Skip to main content
Ages 13+
Under 13
Hose  aimed at a woman’s undercarriage

The Comical Victorian Myths on Sexuality


Victorian advice and beliefs surrounding sex, pregnancy and masturbation.

In the Victorian epoch, sexuality was tremendously repressed. As a result, what was known about sex was little and imprecise, and at times even comical. Back then, there existed diverse manuals and advice books that, more than orienting the reader, led him to complete ignorance and a denial of human nature itself.

It was believed, for example, that intercourse should be carried out in absolute darkness and that, once finished, the woman had to avoid speaking, coughing or sneezing since this would impede conception. Additionally, according to some manuals, if someone had sex without being in love with his or her partner, the product would be an extremely ugly baby.

Masturbation, considered negative and accused of being a “solitary vice”, was considered an activity that, if done excessively, would make a person go insane or become impotent; it was also believed that someone that masturbated often during their development would decrease his or her height and affect the growth of his or her organs. For these reasons, Victorians attempted to avoid masturbation in different ways such as eating lightly seasoned foods and avoiding mustard, pepper, beer, wine and smoking tobacco. Another way of avoiding it was fostering physical exercise in boys and teenagers; this would tire them enough to have no spare energy for this activity.

In terms of conception, riding a horse over an irregular path the day after intercourse was believed to prevent pregnancy; dancing after sex would have the same effect. Thirst-provoking spirits were also a renowned remedy to avoid a pregnancy. Additionally, they believed that during conception, wind patterns —their direction or intensity—could affect the baby’s temperament.

The acclaimed French physiologist, Eugene Becklard, maintained that the cervix was too narrow and had to suck the semen so that the woman would get pregnant. Due to this, the physician claimed that a woman could not conceive as a result of rape. Additionally, Becklard asserted that the baby would be born with the characteristics of whoever had the strongest orgasm during conception. For other experts, it was very important not to conceive a baby on a staircase, since it would be born with a crooked back.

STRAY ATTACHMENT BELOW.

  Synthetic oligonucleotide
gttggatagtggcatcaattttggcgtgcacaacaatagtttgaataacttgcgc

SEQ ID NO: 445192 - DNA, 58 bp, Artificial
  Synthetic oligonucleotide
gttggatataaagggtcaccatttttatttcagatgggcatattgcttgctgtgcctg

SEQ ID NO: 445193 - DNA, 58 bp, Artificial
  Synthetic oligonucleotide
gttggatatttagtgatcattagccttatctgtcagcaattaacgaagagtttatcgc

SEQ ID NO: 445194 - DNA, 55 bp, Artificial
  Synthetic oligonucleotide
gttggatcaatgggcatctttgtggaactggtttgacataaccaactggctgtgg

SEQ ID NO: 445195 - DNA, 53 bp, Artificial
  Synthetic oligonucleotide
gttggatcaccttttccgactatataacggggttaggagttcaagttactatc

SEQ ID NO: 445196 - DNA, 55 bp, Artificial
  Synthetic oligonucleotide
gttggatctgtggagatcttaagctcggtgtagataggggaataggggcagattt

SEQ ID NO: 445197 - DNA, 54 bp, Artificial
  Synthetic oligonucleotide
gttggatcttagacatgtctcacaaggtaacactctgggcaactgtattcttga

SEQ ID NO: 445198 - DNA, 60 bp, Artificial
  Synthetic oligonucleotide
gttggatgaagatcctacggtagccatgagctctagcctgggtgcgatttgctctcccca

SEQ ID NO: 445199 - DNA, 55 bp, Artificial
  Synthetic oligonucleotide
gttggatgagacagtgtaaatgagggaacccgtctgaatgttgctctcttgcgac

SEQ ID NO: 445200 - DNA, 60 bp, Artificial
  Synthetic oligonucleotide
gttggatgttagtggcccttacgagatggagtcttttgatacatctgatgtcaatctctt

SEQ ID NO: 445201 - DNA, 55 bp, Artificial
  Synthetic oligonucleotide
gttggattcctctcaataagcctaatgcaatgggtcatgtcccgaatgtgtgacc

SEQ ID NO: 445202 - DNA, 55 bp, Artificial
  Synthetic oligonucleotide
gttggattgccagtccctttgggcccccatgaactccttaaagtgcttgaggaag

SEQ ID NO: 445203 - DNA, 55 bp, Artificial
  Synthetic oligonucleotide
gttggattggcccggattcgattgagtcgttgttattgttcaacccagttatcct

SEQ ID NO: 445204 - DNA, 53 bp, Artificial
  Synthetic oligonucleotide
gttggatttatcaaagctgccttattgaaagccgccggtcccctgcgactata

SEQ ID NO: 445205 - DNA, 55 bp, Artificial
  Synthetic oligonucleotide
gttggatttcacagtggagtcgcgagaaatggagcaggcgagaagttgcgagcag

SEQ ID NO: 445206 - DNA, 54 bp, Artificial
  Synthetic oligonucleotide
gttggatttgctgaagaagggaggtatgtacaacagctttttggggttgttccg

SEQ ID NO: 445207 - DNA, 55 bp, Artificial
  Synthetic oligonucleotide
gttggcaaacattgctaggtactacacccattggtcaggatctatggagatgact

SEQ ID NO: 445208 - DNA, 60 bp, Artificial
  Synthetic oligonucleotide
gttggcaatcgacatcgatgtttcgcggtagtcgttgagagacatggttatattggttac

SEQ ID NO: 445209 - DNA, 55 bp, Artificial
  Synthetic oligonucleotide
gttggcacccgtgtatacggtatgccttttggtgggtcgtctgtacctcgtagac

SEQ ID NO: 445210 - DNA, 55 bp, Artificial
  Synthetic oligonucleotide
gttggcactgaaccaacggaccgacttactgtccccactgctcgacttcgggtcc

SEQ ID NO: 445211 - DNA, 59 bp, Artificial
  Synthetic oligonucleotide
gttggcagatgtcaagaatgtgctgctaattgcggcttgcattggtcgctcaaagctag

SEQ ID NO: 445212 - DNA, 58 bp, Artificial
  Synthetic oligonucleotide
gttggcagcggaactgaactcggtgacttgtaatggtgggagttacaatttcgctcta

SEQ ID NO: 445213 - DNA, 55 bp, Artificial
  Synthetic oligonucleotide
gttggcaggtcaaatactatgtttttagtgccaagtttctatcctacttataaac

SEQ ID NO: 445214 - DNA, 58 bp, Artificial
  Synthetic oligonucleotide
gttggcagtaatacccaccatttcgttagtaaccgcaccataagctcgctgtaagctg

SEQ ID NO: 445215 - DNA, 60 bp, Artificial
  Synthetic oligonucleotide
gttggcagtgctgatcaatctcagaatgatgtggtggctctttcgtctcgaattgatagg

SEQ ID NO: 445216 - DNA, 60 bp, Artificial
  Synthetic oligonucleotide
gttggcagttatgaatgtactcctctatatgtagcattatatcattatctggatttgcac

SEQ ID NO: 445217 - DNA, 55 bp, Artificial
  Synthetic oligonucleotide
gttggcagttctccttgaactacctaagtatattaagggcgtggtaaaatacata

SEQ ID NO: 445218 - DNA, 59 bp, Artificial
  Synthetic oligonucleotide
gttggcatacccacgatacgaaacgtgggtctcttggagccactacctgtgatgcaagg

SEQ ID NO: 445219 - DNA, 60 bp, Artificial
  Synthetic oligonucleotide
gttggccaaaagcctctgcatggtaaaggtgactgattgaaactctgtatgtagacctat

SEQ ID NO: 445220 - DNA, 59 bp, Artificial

In some manuals of the time, we find that physiologists advised wives to refuse sex as much as possible; otherwise their marriage would become a state of lust and, therefore, immorality. Additionally, women should avoid being flirtatious, since this would only lead their husbands to visit brothels. They were allowed, however, to refuse having sex if their husbands didn’t climax at the same time as they did. To do this, they were recommended faking illnesses, headaches or being tired. Sounds familiar?

The gender roles of the time, and the misunderstandings that resulted from popular wisdom and the advice offered by “experts”, turned human sexuality into a profoundly limited and repressed activity. It is no coincidence that this was an age in which pornography, for instance, was extremely popular. Fortunately, the scientific knowledge we have today of sex has changed the way in which we see this part of human life. And, in any case, history seems to have already proven that taboo is perversion’s favorite food.

Related Articles